is the core strategy that the world's public authorities have developed to deal with the global financial crisis. Call it a liquidity issue for as long as possible, then admit it's a solvency problem only when smacked by the dead fish of a school of floundering institutions too big to fail. Now that those institutions stopped serving the social purposes that entitled them to preferential treatment, step in and do the job for them, to keep the wheels from coming off.
But that's all it does. It keeps the wheels on, but they're spinning, losing traction, and the jalopy is skidding into the ditch.
The bedrock problem is that the financial institutions of the Western world are collectively insolvent. Yes, there are sound insurance companies, and leasing operations, and community banks, and so on. But the institutions that molded and drove the capital markets are, as a group, insolvent. That isn't the end of the world--Japanese banks stayed insolvent for a decade and it's an open secret that most Chinese lenders are sitting on mountains of bad domestic loans made under political duress (maybe duress is not even the right concept, the loans were extended at the direction of governmental authorities--not necessarily the central government, either--to further political and social developmental goals). An insolvent global financial system is not the end of the world, but it's a new problem for the world. Who issues letters of credit to finance trade if everyone is insolvent? For that matter, who honors them?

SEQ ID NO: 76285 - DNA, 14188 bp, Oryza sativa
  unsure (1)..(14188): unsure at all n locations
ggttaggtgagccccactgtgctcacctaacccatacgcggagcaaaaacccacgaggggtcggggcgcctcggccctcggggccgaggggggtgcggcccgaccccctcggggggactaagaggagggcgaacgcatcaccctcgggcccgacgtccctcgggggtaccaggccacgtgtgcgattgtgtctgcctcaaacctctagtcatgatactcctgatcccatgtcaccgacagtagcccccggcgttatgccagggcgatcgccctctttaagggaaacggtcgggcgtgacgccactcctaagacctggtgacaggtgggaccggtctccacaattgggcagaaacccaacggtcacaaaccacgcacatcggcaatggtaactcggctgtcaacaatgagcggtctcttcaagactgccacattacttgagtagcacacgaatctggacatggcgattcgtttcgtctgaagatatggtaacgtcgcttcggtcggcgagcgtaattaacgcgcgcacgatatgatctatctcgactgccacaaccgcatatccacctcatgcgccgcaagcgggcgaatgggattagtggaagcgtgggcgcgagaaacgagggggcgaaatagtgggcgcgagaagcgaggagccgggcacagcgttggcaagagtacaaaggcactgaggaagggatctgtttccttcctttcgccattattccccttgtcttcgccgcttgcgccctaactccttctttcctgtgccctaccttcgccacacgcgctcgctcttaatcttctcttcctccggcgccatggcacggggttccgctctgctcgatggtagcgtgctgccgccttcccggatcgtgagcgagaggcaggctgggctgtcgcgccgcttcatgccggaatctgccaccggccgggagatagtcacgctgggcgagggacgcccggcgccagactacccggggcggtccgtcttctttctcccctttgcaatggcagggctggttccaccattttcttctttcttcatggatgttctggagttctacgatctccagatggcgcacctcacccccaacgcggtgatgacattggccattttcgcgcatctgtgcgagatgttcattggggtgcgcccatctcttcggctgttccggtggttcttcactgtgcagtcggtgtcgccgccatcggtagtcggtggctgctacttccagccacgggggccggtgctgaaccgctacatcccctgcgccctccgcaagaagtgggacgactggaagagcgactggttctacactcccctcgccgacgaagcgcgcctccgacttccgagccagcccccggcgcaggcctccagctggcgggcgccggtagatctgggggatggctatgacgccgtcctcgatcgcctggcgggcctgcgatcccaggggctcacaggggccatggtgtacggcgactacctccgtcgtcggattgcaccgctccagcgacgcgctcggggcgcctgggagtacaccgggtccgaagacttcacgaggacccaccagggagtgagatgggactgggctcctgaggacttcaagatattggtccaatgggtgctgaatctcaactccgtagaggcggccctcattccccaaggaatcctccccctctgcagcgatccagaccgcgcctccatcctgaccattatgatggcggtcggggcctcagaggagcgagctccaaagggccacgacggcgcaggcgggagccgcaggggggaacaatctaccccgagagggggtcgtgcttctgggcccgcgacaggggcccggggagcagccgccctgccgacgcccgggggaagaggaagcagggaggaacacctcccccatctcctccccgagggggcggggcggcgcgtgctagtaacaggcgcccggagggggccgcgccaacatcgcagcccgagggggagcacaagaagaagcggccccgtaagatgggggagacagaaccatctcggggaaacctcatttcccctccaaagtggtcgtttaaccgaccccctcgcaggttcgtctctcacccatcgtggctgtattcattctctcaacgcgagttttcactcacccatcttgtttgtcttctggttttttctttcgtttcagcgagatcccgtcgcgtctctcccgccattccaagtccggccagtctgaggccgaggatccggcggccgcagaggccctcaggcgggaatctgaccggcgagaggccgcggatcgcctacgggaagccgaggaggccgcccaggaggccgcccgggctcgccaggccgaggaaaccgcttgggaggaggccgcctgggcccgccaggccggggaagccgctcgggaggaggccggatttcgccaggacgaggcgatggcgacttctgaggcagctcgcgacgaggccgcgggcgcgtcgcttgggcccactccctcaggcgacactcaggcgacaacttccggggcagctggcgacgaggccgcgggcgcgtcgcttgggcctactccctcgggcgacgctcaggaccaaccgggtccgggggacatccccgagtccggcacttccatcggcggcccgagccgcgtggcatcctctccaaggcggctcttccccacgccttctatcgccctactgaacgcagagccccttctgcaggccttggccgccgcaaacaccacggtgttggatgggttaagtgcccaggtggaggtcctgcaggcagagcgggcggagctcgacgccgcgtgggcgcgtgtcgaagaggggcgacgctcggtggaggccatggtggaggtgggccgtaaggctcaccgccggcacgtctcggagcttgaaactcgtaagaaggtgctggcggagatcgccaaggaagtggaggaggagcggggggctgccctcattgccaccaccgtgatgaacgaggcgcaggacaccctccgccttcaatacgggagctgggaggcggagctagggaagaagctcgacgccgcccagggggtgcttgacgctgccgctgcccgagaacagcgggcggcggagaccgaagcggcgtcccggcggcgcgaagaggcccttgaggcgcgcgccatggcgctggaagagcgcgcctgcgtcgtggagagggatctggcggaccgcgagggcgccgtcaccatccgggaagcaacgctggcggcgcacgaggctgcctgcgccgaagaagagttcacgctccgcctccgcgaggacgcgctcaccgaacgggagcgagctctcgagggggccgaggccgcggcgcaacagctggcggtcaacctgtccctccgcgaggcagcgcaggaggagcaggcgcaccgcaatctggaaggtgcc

Buying time is probably the best of a set of bad alternatives. But don't call it a policy.